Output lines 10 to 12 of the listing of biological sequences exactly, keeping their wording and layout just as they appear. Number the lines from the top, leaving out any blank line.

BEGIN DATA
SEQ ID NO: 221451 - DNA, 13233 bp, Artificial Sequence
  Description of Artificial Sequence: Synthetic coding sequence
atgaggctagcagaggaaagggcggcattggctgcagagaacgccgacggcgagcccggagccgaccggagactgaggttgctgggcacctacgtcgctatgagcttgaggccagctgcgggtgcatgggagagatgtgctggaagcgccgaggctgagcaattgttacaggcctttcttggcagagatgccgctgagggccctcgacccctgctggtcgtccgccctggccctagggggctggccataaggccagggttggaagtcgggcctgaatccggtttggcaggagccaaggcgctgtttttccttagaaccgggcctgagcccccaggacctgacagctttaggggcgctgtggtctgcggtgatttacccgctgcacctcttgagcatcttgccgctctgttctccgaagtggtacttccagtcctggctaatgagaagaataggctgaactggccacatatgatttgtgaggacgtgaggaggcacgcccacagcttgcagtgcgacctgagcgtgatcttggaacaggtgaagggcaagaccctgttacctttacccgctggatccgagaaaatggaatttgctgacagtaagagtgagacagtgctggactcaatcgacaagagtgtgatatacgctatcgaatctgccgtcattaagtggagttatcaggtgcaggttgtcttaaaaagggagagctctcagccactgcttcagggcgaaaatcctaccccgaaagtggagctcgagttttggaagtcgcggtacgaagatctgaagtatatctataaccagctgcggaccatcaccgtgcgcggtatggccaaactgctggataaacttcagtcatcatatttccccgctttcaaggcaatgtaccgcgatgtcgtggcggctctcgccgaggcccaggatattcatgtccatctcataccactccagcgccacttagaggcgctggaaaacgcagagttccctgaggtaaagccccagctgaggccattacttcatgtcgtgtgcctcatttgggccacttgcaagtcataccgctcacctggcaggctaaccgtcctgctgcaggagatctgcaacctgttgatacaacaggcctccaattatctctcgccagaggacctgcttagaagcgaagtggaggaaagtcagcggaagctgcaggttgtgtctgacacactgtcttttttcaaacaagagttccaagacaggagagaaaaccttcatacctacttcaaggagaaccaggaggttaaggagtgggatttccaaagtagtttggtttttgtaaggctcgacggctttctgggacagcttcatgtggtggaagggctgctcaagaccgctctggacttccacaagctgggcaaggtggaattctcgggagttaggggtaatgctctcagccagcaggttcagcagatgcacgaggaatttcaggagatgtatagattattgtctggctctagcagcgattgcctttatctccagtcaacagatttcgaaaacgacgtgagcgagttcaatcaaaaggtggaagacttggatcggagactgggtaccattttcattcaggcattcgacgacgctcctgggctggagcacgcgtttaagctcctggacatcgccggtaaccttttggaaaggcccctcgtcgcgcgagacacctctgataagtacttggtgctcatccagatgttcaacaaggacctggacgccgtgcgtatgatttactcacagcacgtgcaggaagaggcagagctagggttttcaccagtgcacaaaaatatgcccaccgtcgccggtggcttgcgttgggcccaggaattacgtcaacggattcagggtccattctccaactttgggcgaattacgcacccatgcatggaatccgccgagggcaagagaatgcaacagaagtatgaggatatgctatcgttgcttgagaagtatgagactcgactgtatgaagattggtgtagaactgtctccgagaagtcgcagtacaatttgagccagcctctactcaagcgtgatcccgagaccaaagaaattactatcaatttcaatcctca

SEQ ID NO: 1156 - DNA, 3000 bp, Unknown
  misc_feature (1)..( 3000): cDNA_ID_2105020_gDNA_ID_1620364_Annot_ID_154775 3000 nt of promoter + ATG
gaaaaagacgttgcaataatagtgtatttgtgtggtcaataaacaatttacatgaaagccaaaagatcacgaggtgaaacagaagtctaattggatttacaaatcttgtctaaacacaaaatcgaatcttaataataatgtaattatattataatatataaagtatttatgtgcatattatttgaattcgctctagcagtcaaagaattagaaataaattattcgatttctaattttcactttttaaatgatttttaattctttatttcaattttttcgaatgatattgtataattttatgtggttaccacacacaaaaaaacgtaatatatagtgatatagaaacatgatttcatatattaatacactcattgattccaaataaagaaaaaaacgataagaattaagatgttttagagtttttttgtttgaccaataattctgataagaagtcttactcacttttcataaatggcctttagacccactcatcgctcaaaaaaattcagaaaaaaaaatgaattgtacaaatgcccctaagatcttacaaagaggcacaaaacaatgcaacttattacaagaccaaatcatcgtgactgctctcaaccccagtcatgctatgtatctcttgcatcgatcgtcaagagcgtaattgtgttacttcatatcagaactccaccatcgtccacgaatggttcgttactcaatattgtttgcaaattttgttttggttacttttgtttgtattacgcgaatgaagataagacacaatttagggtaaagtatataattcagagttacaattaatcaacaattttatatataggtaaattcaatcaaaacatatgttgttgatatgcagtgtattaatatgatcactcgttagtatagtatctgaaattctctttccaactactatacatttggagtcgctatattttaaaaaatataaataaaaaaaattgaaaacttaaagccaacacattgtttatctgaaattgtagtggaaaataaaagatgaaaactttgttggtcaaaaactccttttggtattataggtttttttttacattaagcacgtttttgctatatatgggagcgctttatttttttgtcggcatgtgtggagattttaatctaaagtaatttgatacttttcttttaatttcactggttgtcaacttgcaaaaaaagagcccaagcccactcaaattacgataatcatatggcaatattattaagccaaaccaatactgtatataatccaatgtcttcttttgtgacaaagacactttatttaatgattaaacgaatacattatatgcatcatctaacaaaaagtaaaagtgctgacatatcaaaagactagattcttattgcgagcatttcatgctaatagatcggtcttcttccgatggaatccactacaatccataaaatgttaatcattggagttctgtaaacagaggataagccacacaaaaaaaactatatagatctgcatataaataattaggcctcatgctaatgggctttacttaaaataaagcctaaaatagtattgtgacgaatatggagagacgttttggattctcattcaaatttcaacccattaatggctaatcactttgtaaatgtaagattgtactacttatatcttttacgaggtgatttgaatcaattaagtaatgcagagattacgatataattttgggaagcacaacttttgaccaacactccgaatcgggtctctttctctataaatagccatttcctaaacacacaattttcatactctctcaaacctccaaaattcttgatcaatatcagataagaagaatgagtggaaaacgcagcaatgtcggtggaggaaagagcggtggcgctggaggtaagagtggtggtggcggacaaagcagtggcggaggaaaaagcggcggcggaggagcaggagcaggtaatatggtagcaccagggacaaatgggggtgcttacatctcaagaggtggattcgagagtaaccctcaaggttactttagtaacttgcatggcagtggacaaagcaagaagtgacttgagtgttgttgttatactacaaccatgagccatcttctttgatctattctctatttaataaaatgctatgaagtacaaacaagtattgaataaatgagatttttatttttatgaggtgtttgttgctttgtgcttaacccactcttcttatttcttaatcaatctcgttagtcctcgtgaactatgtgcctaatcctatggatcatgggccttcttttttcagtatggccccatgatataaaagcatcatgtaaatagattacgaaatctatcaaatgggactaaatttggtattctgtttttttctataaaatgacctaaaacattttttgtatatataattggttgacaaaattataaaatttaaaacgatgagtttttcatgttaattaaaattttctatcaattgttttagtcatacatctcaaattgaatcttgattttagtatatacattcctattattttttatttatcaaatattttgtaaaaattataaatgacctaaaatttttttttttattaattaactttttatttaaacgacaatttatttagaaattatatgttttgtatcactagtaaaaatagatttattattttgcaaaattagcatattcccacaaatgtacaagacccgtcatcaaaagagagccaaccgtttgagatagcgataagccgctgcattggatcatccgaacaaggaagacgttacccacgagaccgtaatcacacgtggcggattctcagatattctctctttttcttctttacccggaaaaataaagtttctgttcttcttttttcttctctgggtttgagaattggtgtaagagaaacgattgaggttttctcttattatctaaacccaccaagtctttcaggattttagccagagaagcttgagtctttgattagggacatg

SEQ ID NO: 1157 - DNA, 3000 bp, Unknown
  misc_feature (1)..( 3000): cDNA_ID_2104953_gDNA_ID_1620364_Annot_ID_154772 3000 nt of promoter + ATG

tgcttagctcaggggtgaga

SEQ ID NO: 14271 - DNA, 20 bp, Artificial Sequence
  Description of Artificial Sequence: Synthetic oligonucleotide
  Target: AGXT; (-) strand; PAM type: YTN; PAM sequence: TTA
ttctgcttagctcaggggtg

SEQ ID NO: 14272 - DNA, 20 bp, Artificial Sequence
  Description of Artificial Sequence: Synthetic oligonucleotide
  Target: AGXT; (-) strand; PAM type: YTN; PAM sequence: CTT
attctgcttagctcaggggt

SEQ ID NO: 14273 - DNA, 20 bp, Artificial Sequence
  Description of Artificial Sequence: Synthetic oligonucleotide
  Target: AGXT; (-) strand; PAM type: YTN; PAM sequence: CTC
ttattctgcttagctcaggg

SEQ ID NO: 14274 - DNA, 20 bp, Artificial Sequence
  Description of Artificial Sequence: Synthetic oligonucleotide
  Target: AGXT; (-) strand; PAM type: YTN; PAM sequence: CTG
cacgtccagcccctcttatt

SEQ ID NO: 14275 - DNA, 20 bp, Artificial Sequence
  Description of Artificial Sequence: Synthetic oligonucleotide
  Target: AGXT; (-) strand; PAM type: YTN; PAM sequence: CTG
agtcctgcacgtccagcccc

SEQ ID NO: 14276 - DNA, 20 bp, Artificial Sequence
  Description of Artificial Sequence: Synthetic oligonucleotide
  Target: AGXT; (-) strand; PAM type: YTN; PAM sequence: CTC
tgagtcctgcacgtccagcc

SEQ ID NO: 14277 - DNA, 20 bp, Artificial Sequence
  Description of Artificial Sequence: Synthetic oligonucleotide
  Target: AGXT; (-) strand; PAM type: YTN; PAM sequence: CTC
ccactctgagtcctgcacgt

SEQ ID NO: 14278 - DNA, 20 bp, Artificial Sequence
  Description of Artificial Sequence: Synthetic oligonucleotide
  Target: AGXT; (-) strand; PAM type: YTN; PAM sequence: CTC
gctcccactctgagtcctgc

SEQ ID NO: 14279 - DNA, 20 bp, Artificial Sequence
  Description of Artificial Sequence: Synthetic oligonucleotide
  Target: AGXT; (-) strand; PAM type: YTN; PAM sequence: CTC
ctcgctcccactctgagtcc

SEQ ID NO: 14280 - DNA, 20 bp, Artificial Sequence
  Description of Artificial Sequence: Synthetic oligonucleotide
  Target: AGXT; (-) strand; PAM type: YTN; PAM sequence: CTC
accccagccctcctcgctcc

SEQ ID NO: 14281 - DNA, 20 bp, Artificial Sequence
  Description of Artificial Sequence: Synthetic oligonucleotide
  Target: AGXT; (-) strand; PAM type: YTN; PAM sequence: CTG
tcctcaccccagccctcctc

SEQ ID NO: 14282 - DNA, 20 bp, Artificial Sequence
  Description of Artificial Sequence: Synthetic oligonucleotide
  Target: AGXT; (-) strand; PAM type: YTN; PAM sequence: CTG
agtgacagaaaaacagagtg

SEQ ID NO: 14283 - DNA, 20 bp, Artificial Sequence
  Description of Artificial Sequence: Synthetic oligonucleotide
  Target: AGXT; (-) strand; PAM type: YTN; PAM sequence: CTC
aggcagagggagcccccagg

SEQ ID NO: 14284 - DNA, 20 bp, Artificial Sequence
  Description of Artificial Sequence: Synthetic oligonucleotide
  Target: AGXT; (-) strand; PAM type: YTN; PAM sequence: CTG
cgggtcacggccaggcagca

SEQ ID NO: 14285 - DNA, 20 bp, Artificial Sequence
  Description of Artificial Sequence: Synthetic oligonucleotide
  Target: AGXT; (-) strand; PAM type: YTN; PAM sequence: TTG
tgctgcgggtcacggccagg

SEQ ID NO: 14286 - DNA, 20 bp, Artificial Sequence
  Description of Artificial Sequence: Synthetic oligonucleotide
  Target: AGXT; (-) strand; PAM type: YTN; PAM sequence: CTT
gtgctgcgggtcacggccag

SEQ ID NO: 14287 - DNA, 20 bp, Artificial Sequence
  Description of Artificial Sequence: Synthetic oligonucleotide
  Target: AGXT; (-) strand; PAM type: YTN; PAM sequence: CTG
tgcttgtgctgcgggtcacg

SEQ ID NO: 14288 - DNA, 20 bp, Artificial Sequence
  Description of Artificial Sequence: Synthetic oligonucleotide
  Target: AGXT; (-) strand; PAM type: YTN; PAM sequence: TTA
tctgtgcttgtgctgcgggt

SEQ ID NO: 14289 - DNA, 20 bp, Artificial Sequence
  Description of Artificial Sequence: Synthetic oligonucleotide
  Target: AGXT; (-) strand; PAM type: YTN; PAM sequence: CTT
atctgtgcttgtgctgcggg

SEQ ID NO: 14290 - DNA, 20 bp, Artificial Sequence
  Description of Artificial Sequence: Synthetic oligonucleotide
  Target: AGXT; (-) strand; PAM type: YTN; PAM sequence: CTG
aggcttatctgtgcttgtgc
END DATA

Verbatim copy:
SEQ ID NO: 14271 - DNA, 20 bp, Artificial Sequence
  Description of Artificial Sequence: Synthetic oligonucleotide
  Target: AGXT; (-) strand; PAM type: YTN; PAM sequence: TTA